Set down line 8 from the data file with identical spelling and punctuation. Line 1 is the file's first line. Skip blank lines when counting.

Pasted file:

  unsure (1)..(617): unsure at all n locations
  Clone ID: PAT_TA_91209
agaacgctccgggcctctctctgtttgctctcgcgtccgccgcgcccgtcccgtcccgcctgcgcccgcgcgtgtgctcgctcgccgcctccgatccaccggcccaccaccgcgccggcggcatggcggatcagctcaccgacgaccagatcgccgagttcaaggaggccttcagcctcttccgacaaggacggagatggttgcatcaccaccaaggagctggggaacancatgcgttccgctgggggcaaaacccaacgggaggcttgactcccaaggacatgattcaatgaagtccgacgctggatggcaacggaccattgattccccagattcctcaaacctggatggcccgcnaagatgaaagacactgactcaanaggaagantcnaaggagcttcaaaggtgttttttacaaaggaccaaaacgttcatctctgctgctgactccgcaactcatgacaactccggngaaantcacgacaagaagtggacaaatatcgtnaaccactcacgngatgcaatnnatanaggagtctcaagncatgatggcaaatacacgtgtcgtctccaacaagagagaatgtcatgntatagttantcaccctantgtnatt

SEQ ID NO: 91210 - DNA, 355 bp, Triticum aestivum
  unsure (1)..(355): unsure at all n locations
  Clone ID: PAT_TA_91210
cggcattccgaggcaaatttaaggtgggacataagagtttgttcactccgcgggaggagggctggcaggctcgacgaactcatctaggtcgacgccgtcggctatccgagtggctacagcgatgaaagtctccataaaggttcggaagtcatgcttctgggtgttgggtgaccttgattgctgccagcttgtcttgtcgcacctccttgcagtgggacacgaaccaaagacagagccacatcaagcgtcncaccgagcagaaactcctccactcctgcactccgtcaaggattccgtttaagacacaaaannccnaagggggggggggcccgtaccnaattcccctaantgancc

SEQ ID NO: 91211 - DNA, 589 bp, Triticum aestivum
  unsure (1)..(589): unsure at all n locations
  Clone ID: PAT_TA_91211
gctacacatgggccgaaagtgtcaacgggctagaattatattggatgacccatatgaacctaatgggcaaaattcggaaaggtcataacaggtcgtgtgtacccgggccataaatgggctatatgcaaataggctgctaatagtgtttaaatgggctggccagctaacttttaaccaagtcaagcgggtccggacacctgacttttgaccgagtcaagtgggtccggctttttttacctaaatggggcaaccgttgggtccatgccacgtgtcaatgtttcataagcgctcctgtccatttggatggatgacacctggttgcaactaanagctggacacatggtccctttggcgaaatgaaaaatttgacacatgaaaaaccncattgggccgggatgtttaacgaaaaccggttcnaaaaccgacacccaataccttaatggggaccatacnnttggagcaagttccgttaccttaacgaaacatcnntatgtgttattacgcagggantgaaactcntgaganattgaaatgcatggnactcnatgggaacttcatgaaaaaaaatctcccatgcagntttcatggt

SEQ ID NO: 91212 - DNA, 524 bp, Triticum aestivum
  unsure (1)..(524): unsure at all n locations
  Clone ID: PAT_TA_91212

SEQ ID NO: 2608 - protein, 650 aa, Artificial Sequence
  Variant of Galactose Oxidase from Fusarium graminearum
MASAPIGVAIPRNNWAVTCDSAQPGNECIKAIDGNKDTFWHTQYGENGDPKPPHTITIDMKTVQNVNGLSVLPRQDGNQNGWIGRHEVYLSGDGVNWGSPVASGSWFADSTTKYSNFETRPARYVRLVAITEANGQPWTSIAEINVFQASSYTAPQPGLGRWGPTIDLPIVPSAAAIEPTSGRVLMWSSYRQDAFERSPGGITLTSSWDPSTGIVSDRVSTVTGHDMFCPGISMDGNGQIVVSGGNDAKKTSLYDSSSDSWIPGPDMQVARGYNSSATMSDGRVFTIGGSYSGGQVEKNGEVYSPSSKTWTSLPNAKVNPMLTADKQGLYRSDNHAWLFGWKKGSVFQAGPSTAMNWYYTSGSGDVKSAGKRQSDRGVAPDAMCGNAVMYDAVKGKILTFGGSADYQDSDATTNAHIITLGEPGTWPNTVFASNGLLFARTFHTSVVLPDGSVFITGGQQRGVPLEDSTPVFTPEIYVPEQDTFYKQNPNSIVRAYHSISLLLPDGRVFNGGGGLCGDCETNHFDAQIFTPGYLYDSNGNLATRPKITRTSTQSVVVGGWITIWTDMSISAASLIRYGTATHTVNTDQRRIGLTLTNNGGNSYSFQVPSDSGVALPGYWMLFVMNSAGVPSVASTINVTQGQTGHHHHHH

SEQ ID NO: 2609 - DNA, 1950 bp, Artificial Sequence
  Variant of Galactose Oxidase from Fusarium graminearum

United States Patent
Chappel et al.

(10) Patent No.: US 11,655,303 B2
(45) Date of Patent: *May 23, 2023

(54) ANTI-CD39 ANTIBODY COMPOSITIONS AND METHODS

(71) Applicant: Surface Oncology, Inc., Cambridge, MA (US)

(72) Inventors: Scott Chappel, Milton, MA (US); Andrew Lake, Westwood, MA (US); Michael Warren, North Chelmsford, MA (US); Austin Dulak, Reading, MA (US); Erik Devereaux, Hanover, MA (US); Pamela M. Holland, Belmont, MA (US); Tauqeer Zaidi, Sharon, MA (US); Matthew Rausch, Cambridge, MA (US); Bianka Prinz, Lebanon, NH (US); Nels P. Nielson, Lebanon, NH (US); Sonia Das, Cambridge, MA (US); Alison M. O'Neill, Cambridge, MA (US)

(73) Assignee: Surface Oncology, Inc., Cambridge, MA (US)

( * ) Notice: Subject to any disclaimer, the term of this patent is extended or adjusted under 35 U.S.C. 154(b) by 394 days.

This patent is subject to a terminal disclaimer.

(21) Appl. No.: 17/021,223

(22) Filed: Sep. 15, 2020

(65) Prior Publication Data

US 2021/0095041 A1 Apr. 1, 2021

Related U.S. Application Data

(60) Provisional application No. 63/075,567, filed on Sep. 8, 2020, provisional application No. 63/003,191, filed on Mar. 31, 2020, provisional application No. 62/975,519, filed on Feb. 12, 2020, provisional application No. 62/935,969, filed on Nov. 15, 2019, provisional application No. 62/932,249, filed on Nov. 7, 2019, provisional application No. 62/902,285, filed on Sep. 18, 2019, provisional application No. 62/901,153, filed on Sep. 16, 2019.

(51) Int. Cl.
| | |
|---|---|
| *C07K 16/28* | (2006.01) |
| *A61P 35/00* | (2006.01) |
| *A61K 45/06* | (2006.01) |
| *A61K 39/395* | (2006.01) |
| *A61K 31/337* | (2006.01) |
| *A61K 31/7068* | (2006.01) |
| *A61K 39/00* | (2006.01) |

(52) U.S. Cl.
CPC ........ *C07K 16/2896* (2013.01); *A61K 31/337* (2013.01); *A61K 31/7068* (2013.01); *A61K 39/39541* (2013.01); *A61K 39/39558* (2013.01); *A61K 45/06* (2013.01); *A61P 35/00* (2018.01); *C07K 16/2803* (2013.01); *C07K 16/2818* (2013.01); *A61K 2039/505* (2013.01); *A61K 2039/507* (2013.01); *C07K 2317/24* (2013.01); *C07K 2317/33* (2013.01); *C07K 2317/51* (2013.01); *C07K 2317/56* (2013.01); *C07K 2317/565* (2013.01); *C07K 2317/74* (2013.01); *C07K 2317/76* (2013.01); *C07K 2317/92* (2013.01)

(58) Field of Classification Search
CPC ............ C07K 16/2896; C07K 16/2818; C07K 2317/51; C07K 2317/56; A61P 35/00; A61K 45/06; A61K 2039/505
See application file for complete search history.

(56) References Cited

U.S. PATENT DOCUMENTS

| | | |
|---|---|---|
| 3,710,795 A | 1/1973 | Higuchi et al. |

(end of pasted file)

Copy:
SEQ ID NO: 91211 - DNA, 589 bp, Triticum aestivum